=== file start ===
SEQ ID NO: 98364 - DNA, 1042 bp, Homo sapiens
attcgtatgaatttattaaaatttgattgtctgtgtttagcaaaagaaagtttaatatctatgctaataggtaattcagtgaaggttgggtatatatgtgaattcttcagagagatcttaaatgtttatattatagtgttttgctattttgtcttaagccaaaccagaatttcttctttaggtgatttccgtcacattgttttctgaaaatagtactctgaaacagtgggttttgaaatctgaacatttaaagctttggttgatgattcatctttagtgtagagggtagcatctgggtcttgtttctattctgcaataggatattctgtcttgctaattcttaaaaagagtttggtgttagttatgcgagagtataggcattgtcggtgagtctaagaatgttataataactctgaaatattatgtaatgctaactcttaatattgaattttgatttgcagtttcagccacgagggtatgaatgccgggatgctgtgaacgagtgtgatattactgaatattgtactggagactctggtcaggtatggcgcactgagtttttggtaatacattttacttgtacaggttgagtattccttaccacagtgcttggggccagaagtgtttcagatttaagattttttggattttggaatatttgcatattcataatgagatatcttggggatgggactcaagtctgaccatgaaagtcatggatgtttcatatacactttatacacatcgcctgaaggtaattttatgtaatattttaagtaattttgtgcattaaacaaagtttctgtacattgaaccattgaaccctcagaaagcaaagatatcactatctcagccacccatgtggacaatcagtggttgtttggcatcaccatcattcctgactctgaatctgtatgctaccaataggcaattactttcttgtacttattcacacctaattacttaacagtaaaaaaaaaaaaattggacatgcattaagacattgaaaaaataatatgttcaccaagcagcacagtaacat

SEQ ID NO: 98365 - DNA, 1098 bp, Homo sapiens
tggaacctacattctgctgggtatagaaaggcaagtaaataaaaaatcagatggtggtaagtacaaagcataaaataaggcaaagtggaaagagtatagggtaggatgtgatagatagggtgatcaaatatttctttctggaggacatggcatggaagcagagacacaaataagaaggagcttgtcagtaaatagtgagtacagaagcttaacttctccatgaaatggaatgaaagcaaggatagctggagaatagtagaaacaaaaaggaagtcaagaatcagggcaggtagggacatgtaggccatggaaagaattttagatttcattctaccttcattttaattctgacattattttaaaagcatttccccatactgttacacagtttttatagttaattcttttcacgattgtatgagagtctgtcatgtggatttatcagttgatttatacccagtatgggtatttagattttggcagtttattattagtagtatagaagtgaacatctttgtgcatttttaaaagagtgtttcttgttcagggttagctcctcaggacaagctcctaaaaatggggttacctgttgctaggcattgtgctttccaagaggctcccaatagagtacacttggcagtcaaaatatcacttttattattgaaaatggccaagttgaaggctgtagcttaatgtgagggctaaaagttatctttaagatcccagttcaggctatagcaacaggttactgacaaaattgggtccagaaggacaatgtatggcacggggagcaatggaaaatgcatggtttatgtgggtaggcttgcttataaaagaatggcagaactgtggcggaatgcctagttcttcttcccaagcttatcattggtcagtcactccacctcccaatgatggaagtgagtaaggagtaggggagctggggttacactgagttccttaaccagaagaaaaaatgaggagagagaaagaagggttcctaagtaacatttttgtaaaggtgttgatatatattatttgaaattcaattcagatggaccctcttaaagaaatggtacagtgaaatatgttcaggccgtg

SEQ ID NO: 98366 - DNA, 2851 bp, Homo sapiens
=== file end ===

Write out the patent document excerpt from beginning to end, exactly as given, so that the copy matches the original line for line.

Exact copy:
SEQ ID NO: 98364 - DNA, 1042 bp, Homo sapiens
attcgtatgaatttattaaaatttgattgtctgtgtttagcaaaagaaagtttaatatctatgctaataggtaattcagtgaaggttgggtatatatgtgaattcttcagagagatcttaaatgtttatattatagtgttttgctattttgtcttaagccaaaccagaatttcttctttaggtgatttccgtcacattgttttctgaaaatagtactctgaaacagtgggttttgaaatctgaacatttaaagctttggttgatgattcatctttagtgtagagggtagcatctgggtcttgtttctattctgcaataggatattctgtcttgctaattcttaaaaagagtttggtgttagttatgcgagagtataggcattgtcggtgagtctaagaatgttataataactctgaaatattatgtaatgctaactcttaatattgaattttgatttgcagtttcagccacgagggtatgaatgccgggatgctgtgaacgagtgtgatattactgaatattgtactggagactctggtcaggtatggcgcactgagtttttggtaatacattttacttgtacaggttgagtattccttaccacagtgcttggggccagaagtgtttcagatttaagattttttggattttggaatatttgcatattcataatgagatatcttggggatgggactcaagtctgaccatgaaagtcatggatgtttcatatacactttatacacatcgcctgaaggtaattttatgtaatattttaagtaattttgtgcattaaacaaagtttctgtacattgaaccattgaaccctcagaaagcaaagatatcactatctcagccacccatgtggacaatcagtggttgtttggcatcaccatcattcctgactctgaatctgtatgctaccaataggcaattactttcttgtacttattcacacctaattacttaacagtaaaaaaaaaaaaattggacatgcattaagacattgaaaaaataatatgttcaccaagcagcacagtaacat

SEQ ID NO: 98365 - DNA, 1098 bp, Homo sapiens
tggaacctacattctgctgggtatagaaaggcaagtaaataaaaaatcagatggtggtaagtacaaagcataaaataaggcaaagtggaaagagtatagggtaggatgtgatagatagggtgatcaaatatttctttctggaggacatggcatggaagcagagacacaaataagaaggagcttgtcagtaaatagtgagtacagaagcttaacttctccatgaaatggaatgaaagcaaggatagctggagaatagtagaaacaaaaaggaagtcaagaatcagggcaggtagggacatgtaggccatggaaagaattttagatttcattctaccttcattttaattctgacattattttaaaagcatttccccatactgttacacagtttttatagttaattcttttcacgattgtatgagagtctgtcatgtggatttatcagttgatttatacccagtatgggtatttagattttggcagtttattattagtagtatagaagtgaacatctttgtgcatttttaaaagagtgtttcttgttcagggttagctcctcaggacaagctcctaaaaatggggttacctgttgctaggcattgtgctttccaagaggctcccaatagagtacacttggcagtcaaaatatcacttttattattgaaaatggccaagttgaaggctgtagcttaatgtgagggctaaaagttatctttaagatcccagttcaggctatagcaacaggttactgacaaaattgggtccagaaggacaatgtatggcacggggagcaatggaaaatgcatggtttatgtgggtaggcttgcttataaaagaatggcagaactgtggcggaatgcctagttcttcttcccaagcttatcattggtcagtcactccacctcccaatgatggaagtgagtaaggagtaggggagctggggttacactgagttccttaaccagaagaaaaaatgaggagagagaaagaagggttcctaagtaacatttttgtaaaggtgttgatatatattatttgaaattcaattcagatggaccctcttaaagaaatggtacagtgaaatatgttcaggccgtg

SEQ ID NO: 98366 - DNA, 2851 bp, Homo sapiens